DNA Polymerase

DNA polymerase is an enzyme that catalyzes the polymerization of deoxyribonucleotides into a DNA strand. DNA polymerases are best-known for their role in DNA replication, in which the polymerase "reads" an intact DNA strand as a template and uses it to synthesize the new strand. The newly-polymerized molecule is complementary to the template strand and identical to the template's original partner strand. DNA polymerases use a magnesium ion for catalytic activity.



Function
DNA polymerase can add free nucleotides to only the 3’ end of the newly-forming strand. This results in elongation of the new strand in a 5'-3' direction. No known DNA polymerase is able to begin a new chain (de novo). DNA polymerase can add a nucleotide onto only a preexisting 3'-OH group, and, therefore, needs a primer at which it can add the first nucleotide. Primers consist of RNA and DNA bases with the first two bases always being RNA, and are synthesized by another enzyme called primase. An enzyme known as a helicase is required to unwind DNA from a double-strand structure to a single-strand structure to facilitate replication of each strand consistent with the semiconservative model of DNA replication.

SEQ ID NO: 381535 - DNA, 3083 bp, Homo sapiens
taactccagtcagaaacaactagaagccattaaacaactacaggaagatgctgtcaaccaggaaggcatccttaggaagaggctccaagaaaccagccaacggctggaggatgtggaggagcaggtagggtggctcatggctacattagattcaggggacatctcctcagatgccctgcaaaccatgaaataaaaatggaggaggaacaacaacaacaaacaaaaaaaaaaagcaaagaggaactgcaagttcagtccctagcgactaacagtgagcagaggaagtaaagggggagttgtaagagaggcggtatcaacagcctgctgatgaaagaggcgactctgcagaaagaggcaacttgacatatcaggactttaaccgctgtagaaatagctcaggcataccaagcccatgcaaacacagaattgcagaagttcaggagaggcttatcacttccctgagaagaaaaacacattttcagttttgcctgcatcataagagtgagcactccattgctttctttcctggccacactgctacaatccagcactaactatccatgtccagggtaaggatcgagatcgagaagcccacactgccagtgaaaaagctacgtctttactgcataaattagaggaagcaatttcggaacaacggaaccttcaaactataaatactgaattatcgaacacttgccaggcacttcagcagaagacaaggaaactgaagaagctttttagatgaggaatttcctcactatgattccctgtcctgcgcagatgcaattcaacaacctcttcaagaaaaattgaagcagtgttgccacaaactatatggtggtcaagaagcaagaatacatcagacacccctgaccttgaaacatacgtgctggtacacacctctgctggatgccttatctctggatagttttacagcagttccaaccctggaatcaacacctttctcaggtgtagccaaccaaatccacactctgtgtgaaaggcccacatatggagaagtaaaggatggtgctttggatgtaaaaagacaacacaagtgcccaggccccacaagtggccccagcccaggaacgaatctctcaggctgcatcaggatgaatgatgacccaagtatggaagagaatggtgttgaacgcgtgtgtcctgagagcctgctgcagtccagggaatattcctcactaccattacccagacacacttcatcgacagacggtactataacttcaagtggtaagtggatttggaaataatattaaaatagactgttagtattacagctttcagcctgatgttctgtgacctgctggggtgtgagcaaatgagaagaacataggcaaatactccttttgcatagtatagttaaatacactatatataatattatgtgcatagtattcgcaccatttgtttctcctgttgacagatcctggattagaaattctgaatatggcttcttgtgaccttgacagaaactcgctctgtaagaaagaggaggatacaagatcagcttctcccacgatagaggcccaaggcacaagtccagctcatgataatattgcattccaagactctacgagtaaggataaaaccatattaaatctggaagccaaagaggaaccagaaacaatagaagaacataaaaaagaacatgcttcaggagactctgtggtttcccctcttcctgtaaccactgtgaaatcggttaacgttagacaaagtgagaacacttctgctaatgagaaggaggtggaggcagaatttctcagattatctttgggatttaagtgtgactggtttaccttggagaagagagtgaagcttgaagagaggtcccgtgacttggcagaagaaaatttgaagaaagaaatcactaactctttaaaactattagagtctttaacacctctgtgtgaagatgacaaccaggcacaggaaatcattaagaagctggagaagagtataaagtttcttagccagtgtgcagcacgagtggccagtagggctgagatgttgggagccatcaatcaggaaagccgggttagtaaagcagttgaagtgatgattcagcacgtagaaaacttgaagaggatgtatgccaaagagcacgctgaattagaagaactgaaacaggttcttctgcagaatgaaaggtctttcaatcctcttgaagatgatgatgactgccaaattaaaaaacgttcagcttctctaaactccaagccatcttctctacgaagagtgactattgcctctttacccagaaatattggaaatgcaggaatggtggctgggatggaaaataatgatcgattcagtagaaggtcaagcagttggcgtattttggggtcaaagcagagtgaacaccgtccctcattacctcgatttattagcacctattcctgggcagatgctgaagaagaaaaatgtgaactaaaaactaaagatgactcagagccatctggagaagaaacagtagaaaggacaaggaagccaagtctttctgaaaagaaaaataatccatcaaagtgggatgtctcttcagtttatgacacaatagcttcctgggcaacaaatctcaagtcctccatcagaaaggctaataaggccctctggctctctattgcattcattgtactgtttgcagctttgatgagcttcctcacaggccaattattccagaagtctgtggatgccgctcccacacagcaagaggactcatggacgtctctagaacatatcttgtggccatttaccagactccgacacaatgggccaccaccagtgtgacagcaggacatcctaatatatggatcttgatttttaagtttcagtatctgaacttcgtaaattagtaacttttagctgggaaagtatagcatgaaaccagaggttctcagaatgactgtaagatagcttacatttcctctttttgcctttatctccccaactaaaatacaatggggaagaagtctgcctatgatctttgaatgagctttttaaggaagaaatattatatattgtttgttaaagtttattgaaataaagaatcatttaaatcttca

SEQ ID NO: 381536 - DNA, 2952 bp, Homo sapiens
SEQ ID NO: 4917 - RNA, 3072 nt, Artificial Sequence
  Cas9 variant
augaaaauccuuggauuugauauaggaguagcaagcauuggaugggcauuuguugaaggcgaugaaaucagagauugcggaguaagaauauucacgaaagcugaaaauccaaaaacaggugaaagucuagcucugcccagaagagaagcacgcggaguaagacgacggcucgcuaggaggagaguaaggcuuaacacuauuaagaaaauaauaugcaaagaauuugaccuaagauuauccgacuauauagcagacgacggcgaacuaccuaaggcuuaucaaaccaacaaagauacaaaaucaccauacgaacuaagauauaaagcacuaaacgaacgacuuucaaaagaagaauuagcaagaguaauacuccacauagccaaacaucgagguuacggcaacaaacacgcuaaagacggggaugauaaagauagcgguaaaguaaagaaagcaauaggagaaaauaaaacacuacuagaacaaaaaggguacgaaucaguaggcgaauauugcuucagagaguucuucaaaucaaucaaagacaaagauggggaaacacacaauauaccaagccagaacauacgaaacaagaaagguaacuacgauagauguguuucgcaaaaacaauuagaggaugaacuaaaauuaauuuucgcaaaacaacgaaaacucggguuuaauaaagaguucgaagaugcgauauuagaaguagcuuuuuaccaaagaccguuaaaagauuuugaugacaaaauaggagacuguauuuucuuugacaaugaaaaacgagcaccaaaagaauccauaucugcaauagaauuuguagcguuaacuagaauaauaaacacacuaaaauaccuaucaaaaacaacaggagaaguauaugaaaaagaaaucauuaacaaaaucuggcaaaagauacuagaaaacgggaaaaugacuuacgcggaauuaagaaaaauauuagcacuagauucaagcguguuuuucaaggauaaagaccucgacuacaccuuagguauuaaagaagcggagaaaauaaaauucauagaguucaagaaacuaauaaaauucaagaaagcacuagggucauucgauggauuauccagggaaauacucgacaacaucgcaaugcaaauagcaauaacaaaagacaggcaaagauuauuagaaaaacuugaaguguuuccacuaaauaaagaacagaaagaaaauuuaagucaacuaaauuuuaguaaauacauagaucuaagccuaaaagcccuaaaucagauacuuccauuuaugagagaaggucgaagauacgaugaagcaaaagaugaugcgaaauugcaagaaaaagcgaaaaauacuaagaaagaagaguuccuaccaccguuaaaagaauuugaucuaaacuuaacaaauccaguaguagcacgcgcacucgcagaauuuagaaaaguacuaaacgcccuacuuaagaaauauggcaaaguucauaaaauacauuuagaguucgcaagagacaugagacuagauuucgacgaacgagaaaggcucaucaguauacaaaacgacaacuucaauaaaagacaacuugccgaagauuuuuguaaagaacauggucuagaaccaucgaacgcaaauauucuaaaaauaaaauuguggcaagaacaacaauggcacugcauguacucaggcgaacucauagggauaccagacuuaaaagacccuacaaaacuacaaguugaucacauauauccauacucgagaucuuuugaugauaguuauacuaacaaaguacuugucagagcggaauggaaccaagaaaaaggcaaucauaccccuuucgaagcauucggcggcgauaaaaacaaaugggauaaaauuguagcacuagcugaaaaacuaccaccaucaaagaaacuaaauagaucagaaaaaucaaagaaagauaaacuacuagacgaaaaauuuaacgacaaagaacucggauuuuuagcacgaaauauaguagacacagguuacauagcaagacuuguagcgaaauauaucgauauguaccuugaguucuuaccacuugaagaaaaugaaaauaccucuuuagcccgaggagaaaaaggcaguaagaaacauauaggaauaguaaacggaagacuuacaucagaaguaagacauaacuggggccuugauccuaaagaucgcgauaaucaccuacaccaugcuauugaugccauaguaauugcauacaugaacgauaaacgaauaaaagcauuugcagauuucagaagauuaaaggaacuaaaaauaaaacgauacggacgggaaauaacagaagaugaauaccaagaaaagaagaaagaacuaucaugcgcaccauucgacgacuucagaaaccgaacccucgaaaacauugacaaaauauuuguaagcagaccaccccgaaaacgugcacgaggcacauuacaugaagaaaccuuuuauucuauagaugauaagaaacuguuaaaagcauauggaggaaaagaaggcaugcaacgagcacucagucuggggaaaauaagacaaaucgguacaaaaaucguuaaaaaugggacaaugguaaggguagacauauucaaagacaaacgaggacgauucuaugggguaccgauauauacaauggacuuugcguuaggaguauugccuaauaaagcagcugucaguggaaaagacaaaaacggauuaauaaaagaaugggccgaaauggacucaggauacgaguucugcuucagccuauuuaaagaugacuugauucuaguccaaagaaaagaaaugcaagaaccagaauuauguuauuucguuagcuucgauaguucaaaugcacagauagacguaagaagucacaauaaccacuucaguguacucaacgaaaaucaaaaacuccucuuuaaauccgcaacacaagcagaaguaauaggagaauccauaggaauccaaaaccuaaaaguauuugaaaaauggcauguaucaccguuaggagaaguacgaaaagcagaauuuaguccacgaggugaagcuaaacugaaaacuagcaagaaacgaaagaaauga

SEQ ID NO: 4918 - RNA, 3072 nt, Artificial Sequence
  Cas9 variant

Error correction is a property of some, but not all, DNA polymerases. This process corrects mistakes in newly-synthesized DNA. When an incorrect base pair is recognized, DNA polymerase reverses its direction by one base pair of DNA. The 3'->5' exonuclease activity of the enzyme allows the incorrect base pair to be excised (this activity is known as proofreading). Following base excision, the polymerase can re-insert the correct base and replication can continue.
Ref:

DNA polymerase. (2009, October 19). In Wikipedia, The Free Encyclopedia. Retrieved 03:55, October 31, 2009, from http://en.wikipedia.org/w/index.php?title=DNA_polymerase&oldid=320725948

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